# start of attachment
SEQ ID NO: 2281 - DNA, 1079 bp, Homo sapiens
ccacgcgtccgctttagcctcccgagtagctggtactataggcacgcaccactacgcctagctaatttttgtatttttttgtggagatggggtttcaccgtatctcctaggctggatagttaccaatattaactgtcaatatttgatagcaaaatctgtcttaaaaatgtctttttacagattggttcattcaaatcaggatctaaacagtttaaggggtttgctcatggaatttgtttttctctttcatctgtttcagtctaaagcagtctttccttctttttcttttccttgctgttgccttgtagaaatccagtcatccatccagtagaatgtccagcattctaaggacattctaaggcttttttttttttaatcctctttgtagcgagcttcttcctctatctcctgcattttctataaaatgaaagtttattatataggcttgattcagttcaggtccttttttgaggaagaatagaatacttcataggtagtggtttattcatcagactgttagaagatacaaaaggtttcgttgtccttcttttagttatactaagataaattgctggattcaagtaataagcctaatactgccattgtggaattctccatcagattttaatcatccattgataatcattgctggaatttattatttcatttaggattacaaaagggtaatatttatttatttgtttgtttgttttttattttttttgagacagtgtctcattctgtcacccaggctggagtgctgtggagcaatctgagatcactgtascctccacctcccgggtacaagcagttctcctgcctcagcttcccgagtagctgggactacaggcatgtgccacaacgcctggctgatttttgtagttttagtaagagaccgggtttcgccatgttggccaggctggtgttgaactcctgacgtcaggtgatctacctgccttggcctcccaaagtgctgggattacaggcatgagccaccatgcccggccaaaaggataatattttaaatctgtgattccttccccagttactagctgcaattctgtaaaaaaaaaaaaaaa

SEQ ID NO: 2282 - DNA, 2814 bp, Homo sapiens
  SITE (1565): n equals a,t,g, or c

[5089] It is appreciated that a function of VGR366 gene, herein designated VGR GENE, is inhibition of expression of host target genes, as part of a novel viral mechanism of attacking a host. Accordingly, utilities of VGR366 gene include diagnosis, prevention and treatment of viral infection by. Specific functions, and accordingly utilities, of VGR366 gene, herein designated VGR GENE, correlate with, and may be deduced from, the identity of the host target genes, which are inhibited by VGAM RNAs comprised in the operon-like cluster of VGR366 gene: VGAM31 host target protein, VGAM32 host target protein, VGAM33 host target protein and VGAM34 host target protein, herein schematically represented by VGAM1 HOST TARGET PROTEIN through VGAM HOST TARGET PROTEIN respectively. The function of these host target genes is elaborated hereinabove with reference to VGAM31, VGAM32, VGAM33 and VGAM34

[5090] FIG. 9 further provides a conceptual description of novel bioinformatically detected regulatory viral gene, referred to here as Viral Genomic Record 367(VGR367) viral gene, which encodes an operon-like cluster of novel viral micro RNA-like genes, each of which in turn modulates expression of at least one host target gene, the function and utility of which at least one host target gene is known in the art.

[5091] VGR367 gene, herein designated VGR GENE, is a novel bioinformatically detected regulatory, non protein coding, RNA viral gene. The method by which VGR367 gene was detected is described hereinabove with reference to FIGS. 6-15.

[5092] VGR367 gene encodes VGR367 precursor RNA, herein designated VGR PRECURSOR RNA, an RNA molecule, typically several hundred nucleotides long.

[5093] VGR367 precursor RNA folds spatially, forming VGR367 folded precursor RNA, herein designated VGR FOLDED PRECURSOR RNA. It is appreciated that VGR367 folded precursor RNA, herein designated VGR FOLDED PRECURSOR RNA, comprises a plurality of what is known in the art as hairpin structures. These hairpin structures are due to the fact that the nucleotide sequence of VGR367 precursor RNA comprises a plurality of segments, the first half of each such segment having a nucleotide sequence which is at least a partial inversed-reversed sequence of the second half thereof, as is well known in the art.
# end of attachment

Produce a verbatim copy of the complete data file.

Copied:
SEQ ID NO: 2281 - DNA, 1079 bp, Homo sapiens
ccacgcgtccgctttagcctcccgagtagctggtactataggcacgcaccactacgcctagctaatttttgtatttttttgtggagatggggtttcaccgtatctcctaggctggatagttaccaatattaactgtcaatatttgatagcaaaatctgtcttaaaaatgtctttttacagattggttcattcaaatcaggatctaaacagtttaaggggtttgctcatggaatttgtttttctctttcatctgtttcagtctaaagcagtctttccttctttttcttttccttgctgttgccttgtagaaatccagtcatccatccagtagaatgtccagcattctaaggacattctaaggcttttttttttttaatcctctttgtagcgagcttcttcctctatctcctgcattttctataaaatgaaagtttattatataggcttgattcagttcaggtccttttttgaggaagaatagaatacttcataggtagtggtttattcatcagactgttagaagatacaaaaggtttcgttgtccttcttttagttatactaagataaattgctggattcaagtaataagcctaatactgccattgtggaattctccatcagattttaatcatccattgataatcattgctggaatttattatttcatttaggattacaaaagggtaatatttatttatttgtttgtttgttttttattttttttgagacagtgtctcattctgtcacccaggctggagtgctgtggagcaatctgagatcactgtascctccacctcccgggtacaagcagttctcctgcctcagcttcccgagtagctgggactacaggcatgtgccacaacgcctggctgatttttgtagttttagtaagagaccgggtttcgccatgttggccaggctggtgttgaactcctgacgtcaggtgatctacctgccttggcctcccaaagtgctgggattacaggcatgagccaccatgcccggccaaaaggataatattttaaatctgtgattccttccccagttactagctgcaattctgtaaaaaaaaaaaaaaa

SEQ ID NO: 2282 - DNA, 2814 bp, Homo sapiens
  SITE (1565): n equals a,t,g, or c

[5089] It is appreciated that a function of VGR366 gene, herein designated VGR GENE, is inhibition of expression of host target genes, as part of a novel viral mechanism of attacking a host. Accordingly, utilities of VGR366 gene include diagnosis, prevention and treatment of viral infection by. Specific functions, and accordingly utilities, of VGR366 gene, herein designated VGR GENE, correlate with, and may be deduced from, the identity of the host target genes, which are inhibited by VGAM RNAs comprised in the operon-like cluster of VGR366 gene: VGAM31 host target protein, VGAM32 host target protein, VGAM33 host target protein and VGAM34 host target protein, herein schematically represented by VGAM1 HOST TARGET PROTEIN through VGAM HOST TARGET PROTEIN respectively. The function of these host target genes is elaborated hereinabove with reference to VGAM31, VGAM32, VGAM33 and VGAM34

[5090] FIG. 9 further provides a conceptual description of novel bioinformatically detected regulatory viral gene, referred to here as Viral Genomic Record 367(VGR367) viral gene, which encodes an operon-like cluster of novel viral micro RNA-like genes, each of which in turn modulates expression of at least one host target gene, the function and utility of which at least one host target gene is known in the art.

[5091] VGR367 gene, herein designated VGR GENE, is a novel bioinformatically detected regulatory, non protein coding, RNA viral gene. The method by which VGR367 gene was detected is described hereinabove with reference to FIGS. 6-15.

[5092] VGR367 gene encodes VGR367 precursor RNA, herein designated VGR PRECURSOR RNA, an RNA molecule, typically several hundred nucleotides long.

[5093] VGR367 precursor RNA folds spatially, forming VGR367 folded precursor RNA, herein designated VGR FOLDED PRECURSOR RNA. It is appreciated that VGR367 folded precursor RNA, herein designated VGR FOLDED PRECURSOR RNA, comprises a plurality of what is known in the art as hairpin structures. These hairpin structures are due to the fact that the nucleotide sequence of VGR367 precursor RNA comprises a plurality of segments, the first half of each such segment having a nucleotide sequence which is at least a partial inversed-reversed sequence of the second half thereof, as is well known in the art.